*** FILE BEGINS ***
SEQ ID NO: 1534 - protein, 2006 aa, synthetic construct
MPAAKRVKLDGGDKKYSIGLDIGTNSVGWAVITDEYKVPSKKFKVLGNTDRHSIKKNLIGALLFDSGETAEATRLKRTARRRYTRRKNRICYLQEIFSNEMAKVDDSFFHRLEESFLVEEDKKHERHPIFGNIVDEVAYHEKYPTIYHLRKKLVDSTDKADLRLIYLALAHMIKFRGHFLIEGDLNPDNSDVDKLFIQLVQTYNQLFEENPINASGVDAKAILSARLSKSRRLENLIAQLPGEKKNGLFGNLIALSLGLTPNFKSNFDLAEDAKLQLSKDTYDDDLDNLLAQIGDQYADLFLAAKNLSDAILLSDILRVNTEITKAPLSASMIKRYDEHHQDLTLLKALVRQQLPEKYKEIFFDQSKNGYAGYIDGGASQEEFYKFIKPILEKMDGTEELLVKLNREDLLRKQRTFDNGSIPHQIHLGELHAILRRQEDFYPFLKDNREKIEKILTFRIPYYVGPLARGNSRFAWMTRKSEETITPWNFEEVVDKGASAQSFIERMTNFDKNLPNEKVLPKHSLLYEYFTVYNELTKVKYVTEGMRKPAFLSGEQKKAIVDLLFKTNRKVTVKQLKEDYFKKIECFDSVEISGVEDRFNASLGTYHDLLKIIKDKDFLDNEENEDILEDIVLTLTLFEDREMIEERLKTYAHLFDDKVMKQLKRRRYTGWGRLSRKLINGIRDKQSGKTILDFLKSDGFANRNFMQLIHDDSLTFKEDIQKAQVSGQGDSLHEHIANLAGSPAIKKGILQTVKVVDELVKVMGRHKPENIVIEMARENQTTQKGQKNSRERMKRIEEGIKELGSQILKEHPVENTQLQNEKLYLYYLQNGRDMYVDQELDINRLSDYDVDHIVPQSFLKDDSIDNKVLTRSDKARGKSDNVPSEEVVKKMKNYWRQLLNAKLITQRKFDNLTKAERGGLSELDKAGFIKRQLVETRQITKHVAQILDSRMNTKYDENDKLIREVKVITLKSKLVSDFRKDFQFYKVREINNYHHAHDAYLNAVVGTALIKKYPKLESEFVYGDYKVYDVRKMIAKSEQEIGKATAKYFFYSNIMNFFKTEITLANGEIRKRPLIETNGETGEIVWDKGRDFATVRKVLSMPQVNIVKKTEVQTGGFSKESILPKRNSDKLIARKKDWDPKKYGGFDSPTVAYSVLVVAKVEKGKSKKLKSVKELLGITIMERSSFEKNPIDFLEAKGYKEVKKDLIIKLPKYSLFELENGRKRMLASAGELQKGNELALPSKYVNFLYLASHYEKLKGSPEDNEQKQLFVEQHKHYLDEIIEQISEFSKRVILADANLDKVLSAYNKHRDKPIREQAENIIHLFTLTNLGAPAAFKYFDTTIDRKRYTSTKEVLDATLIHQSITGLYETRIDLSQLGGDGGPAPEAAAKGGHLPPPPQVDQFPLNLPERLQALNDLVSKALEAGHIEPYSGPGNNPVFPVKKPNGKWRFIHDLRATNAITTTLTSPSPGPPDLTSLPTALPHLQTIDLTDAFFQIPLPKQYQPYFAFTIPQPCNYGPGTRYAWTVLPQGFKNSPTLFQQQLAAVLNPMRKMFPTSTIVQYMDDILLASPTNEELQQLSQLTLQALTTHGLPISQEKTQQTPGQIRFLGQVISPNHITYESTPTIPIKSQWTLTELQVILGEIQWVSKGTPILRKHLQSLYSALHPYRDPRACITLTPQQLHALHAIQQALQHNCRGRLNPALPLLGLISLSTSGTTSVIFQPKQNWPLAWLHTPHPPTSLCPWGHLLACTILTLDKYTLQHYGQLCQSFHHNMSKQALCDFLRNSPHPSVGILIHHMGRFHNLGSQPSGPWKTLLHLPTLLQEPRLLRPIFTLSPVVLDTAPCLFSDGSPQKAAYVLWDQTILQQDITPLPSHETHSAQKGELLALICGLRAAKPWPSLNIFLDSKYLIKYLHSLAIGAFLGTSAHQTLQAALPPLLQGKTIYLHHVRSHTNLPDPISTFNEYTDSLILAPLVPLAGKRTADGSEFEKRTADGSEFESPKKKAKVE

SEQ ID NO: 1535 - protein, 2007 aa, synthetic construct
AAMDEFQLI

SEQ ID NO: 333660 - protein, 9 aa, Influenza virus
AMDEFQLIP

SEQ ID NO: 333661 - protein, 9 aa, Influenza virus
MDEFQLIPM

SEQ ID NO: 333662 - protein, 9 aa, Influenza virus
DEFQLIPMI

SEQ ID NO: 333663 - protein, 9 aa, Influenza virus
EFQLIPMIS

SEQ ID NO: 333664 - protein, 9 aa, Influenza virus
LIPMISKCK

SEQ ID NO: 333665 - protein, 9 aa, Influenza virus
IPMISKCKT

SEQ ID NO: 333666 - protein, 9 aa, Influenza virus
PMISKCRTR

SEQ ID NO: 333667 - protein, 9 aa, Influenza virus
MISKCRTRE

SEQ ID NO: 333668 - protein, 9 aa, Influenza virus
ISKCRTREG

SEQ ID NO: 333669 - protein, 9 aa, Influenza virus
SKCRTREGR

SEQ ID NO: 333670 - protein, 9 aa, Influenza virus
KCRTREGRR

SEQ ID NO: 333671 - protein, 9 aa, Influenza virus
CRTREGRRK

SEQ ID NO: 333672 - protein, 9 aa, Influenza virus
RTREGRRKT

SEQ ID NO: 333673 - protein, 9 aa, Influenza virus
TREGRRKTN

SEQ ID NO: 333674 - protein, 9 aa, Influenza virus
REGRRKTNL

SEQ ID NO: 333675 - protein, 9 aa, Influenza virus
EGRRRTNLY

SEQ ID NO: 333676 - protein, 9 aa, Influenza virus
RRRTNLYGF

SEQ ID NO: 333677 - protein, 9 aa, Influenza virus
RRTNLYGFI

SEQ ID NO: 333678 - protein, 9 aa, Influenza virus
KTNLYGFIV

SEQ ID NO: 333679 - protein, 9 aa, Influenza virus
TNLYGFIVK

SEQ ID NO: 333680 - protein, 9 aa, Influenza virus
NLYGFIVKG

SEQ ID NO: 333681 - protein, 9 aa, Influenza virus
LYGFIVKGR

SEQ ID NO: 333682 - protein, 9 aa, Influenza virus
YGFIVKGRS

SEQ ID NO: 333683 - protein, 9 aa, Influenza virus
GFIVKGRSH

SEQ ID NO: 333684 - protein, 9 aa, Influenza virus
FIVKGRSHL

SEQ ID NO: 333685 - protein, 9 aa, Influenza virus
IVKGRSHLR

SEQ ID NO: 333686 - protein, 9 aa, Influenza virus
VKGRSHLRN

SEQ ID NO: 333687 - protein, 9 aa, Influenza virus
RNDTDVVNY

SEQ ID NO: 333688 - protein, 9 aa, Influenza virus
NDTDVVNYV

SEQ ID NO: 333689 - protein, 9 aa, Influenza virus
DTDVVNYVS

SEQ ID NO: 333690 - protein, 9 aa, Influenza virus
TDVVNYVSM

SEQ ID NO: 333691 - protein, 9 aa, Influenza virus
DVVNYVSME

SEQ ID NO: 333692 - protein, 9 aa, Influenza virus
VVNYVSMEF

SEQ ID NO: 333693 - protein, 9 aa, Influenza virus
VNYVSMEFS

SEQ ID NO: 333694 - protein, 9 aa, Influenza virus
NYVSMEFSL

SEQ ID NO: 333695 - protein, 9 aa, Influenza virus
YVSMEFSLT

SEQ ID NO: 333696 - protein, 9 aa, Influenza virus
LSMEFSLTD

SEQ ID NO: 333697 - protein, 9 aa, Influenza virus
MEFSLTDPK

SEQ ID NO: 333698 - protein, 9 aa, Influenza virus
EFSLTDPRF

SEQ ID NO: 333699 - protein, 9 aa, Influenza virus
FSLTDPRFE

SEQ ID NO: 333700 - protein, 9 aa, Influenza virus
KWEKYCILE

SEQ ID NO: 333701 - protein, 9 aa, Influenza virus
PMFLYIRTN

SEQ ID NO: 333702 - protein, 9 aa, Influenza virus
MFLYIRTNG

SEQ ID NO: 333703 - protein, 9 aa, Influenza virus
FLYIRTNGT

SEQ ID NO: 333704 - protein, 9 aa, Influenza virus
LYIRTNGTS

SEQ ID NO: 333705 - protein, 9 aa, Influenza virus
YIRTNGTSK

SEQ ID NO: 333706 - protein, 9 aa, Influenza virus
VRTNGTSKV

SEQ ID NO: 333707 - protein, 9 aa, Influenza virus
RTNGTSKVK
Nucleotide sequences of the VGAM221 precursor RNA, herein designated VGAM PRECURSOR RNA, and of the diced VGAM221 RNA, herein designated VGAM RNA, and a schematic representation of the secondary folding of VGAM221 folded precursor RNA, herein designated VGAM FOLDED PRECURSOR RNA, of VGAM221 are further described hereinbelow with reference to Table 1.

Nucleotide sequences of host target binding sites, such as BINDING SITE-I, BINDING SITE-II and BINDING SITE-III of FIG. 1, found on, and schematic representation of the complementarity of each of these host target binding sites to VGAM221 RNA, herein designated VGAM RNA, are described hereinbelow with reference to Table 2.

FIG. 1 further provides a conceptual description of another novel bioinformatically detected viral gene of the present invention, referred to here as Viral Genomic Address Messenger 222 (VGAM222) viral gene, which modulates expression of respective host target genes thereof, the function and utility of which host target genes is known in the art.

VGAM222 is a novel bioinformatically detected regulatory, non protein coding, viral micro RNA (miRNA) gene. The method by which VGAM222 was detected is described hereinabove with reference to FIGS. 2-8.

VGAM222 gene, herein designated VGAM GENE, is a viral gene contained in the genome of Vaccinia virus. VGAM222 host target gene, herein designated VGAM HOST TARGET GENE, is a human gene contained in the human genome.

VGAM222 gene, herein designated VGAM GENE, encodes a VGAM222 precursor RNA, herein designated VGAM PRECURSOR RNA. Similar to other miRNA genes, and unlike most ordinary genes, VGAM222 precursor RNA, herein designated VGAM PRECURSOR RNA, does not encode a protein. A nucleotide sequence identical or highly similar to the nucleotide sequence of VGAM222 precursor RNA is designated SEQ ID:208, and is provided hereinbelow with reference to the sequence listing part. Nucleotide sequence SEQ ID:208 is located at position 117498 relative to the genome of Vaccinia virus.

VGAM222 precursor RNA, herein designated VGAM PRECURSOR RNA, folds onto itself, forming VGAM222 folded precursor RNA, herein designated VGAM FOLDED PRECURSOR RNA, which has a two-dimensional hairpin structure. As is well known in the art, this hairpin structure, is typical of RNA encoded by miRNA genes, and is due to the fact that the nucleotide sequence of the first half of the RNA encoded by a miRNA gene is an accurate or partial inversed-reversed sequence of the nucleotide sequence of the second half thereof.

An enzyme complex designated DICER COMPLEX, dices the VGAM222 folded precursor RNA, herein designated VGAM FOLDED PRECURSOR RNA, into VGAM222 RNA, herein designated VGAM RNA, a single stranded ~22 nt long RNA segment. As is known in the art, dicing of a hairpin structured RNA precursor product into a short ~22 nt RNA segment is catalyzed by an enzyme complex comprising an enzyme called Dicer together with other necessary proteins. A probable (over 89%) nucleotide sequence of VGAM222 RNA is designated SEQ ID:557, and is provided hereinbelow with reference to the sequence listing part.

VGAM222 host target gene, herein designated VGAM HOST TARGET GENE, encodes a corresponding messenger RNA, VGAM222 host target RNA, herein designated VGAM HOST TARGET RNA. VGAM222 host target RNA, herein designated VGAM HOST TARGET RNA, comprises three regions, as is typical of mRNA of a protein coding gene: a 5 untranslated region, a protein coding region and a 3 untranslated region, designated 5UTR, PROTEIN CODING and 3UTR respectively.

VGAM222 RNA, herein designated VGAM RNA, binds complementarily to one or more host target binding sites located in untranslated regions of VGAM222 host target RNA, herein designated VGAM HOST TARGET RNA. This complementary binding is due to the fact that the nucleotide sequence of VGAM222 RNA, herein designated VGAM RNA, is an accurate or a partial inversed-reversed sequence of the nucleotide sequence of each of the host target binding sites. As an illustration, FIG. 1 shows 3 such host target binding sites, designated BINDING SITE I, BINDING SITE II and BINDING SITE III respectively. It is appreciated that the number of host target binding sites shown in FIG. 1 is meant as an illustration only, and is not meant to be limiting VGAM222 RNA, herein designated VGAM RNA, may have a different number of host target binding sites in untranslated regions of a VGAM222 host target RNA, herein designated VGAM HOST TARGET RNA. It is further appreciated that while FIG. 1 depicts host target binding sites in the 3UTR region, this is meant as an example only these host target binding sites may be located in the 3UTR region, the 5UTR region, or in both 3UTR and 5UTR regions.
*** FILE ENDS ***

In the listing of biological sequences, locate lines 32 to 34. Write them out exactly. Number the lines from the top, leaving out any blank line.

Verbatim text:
TREGRRKTN

SEQ ID NO: 333674 - protein, 9 aa, Influenza virus
REGRRKTNL